Ask any stand-up comedian today who the best stand-up of all time is or was, and they’ll likely tell you Richard Pryor, George Carlin, or want to make cases for both equally as the top of the tops.
Ask any Jewish comedian from the Baby Boomers through Generation X that same question, and they’ll quickly put Robert Klein right up there with them.
Klein, now 75, is the subject of his own documentary, Robert Klein Still Can’t Stop His Leg, which premiered last March at SXSW and debuts on the smaller screen tonight via Starz.
Here’s the trailer:
How about those testimonials.
Jerry Seinfeld on Klein: “He was the Beatles of comedy to me.”
From Jon Stewart: “He changed what it meant to be a comic, kind of this idea of the craft of deconstructing your experience.”
From Richard Lewis: “If I couldn’t be that fearless, what’s the point?”
What really set Klein apart from his contemporaries, though, was his consummate showmanship. He sings in almost every show, and in every one of his HBO specials, dating back to the very first stand-up special Home Box Office ever broadcast back in 1975, Klein has sung about how he could not stop his leg from moving. That bit, it turns out, came to him in a moment of improvisation one night at the original Improvisation in New York City. Even long before that moment, Klein had sung his way onto television, as early as 15 performing with his teen-aged doo-wop group on Ted Mack & The Original Amateur Hour in 1957.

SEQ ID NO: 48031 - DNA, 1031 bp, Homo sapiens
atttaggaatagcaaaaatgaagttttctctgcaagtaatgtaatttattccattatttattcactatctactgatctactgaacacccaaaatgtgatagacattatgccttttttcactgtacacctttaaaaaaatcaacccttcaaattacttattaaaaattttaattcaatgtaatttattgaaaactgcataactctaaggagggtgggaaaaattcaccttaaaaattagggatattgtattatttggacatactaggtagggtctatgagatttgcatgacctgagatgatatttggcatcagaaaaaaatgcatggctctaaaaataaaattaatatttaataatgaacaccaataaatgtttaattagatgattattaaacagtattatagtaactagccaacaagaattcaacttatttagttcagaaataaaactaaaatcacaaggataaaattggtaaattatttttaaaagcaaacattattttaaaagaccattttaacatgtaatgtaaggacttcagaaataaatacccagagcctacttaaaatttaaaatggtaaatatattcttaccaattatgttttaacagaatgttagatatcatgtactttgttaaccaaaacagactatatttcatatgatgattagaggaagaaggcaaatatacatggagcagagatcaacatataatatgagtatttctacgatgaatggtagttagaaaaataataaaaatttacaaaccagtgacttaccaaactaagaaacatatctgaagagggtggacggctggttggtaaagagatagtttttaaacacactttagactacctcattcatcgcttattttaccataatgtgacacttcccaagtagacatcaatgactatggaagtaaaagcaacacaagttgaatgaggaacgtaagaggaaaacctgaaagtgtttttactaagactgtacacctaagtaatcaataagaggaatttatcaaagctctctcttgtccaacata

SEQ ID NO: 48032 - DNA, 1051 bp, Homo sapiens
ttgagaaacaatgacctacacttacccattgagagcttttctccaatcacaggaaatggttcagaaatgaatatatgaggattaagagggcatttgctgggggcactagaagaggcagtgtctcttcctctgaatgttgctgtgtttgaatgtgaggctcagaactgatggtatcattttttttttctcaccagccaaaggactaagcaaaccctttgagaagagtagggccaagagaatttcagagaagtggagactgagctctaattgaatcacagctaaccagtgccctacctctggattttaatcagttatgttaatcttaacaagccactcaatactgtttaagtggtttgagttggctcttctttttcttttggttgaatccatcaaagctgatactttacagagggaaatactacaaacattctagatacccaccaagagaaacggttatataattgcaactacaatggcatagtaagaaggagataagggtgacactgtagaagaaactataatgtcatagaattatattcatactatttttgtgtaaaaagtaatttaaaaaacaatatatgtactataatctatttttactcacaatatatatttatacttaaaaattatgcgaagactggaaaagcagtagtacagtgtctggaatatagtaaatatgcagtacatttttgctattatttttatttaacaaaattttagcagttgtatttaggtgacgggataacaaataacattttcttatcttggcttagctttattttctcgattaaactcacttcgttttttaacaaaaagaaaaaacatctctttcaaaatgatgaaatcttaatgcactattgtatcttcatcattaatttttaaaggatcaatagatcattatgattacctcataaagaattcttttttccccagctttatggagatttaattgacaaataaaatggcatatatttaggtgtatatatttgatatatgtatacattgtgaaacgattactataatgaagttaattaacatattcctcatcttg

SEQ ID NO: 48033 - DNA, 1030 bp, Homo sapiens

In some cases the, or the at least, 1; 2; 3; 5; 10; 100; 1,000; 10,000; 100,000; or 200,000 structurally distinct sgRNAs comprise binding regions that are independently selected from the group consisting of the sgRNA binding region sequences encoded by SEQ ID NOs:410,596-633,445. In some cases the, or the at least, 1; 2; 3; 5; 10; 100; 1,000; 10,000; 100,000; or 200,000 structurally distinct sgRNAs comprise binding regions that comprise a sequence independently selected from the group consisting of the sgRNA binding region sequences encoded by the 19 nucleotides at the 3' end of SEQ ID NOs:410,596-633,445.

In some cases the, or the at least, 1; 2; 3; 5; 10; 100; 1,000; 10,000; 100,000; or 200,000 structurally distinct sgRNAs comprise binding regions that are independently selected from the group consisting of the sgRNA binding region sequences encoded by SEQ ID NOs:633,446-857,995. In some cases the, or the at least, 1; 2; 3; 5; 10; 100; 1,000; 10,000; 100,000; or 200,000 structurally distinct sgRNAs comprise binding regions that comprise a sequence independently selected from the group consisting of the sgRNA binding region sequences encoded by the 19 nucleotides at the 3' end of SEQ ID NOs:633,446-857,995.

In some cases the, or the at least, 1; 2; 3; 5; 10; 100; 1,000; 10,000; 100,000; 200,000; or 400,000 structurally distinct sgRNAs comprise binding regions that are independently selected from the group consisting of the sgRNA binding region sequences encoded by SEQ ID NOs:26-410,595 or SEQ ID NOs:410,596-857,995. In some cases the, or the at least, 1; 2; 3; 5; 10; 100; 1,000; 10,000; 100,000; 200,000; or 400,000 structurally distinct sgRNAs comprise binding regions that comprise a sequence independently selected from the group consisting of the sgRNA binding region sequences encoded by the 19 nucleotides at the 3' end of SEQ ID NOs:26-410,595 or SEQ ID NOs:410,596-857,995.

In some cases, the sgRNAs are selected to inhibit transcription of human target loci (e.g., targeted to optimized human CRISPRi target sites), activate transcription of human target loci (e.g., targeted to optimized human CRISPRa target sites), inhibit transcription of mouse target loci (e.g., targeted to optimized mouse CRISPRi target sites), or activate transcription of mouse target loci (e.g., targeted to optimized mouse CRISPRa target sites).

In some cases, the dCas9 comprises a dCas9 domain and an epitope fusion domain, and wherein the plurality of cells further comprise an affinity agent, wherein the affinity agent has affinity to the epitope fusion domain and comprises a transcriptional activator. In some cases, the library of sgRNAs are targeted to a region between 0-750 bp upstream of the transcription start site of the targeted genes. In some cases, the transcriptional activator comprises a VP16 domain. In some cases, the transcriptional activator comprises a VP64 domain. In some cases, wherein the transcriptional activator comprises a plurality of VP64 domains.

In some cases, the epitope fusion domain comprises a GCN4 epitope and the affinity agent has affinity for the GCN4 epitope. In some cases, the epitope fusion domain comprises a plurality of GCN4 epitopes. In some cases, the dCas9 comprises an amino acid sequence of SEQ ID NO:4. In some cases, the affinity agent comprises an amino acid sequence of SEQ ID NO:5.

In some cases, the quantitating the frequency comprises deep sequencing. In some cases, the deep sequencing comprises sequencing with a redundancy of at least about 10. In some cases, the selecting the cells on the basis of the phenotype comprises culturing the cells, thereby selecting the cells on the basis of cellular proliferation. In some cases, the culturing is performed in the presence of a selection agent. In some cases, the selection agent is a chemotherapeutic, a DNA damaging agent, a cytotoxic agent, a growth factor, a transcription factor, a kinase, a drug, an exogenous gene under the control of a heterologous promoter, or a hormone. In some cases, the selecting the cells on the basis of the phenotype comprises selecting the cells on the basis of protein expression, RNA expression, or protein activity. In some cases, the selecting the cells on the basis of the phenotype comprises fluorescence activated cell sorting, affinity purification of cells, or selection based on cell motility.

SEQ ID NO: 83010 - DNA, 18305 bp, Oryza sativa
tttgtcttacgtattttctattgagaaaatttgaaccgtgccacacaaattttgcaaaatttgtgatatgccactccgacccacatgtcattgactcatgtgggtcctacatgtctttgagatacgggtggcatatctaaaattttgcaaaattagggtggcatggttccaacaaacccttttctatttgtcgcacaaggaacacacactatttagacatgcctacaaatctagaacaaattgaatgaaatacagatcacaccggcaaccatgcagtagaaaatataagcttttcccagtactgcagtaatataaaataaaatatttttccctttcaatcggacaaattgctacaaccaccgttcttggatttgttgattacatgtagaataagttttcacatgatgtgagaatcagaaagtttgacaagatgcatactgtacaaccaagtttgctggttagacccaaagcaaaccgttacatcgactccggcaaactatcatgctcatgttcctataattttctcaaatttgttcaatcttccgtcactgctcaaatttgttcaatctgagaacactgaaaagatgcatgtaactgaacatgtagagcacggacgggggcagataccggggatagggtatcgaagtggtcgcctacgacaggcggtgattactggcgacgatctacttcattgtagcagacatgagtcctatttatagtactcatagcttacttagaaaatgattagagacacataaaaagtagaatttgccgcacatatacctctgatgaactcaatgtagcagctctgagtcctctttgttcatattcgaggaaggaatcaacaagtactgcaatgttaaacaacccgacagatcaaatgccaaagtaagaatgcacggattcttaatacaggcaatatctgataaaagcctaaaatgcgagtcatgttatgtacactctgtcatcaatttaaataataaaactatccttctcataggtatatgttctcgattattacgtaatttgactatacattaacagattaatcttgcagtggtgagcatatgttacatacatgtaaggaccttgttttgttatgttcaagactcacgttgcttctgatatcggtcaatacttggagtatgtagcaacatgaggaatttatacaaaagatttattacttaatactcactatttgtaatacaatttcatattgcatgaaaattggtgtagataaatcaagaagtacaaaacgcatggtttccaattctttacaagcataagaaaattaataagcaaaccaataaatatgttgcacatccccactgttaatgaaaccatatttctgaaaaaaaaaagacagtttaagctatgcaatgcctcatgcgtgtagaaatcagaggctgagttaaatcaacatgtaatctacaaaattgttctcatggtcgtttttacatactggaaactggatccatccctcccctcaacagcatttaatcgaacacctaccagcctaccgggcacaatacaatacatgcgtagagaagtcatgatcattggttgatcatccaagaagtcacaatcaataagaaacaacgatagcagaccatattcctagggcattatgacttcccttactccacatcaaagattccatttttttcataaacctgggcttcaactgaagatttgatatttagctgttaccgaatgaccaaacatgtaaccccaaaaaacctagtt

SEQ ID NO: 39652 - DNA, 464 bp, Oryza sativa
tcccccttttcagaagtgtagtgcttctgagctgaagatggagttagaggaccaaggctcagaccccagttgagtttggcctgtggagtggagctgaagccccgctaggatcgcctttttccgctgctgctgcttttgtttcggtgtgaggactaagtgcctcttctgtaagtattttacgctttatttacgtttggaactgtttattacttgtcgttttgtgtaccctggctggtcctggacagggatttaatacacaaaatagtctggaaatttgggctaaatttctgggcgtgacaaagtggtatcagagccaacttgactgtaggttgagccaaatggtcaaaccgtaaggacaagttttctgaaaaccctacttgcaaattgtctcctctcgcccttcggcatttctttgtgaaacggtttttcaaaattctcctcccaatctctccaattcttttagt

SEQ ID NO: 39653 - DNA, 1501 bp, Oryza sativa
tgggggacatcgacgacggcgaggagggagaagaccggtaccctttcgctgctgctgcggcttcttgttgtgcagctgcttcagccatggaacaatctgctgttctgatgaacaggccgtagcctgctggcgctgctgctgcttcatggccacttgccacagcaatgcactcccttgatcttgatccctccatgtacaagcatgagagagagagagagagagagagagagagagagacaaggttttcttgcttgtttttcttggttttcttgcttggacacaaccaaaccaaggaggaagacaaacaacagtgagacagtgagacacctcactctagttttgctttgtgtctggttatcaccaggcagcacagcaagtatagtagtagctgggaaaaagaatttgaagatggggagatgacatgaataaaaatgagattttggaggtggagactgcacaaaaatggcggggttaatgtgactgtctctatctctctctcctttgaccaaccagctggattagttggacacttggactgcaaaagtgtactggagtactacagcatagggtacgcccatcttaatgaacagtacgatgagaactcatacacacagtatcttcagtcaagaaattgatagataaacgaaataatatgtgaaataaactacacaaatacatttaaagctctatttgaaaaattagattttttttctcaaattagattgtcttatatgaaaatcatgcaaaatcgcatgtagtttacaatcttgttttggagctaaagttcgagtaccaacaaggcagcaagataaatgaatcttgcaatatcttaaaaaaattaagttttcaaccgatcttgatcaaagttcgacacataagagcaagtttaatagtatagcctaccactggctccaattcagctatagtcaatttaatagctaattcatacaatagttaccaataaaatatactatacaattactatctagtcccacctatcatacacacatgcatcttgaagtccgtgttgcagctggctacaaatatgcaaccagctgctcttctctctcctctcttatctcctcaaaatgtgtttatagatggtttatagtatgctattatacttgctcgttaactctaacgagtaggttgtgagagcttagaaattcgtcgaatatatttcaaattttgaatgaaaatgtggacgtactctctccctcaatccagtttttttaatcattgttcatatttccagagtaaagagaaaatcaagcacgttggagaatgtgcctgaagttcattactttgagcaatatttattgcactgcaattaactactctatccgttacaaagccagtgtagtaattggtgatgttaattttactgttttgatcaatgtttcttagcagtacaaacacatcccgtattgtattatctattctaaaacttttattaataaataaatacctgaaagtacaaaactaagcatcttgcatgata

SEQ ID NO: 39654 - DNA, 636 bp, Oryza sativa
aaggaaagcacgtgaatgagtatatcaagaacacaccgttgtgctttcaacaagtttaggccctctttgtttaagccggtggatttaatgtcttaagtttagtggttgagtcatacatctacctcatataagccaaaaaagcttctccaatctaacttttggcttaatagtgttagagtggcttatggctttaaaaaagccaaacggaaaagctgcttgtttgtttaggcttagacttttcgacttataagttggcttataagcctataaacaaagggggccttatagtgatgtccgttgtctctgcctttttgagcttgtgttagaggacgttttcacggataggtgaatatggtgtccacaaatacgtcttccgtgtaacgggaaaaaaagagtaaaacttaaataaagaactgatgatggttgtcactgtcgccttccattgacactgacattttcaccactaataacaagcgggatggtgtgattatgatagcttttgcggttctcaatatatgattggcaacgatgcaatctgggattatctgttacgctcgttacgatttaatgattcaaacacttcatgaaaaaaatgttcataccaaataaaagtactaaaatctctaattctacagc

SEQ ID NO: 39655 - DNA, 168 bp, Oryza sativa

Directed by Marshall Fine, Robert Klein Still Can’t Stop His Leg belongs in your catalog of essential comedy documentaries alongside those of Joan Rivers and Don Rickles, cataloging Klein’s rise from his Jewish Bronx childhood to Yale Drama School, to The Second City, where he performed in 1965 alongside Fred Willard, to “The Apple Tree” on Broadway, through a young mentorship with Rodney Dangerfield, teaching him the art of joke-writing and telling. You may or not remember he earned a Tony nomination for his work in the 1979 Broadway musical, “They’re Playing Our Song,” or that he hosted a late-night talk show on the USA Network in the 1980s.
Klein jokes about aging, from being married in real-life to an opera singer, to playing the old dad of the leading lady in TV and film dramas now. He’s done Broadway a half-dozen times and starred or co-starred in 40 movies, but still, into his mid-70s, he continues to work and find new gigs.
You may not know it from seeing him play the mayor of New York City in two Sharknado TV movies, but in the world of comedy, to many comedians you look up to, they look up to Klein as their mayor of comedy.
His first two albums, “Child of the 50’s,” and “Mind Over Matter,” established his role in comedy as a leader in processing his own life story in a humorous way that others not only could relate to and laugh about, but also inspire other comedians to mine their own stories for laughs. Pryor and Carlin might have pushed the linguistic and emotional boundaries of comedy to new heights in the 1970s and beyond, but it was another comedian who came of age in the 1950s who provided a more attainable blueprint for many comedians to follow.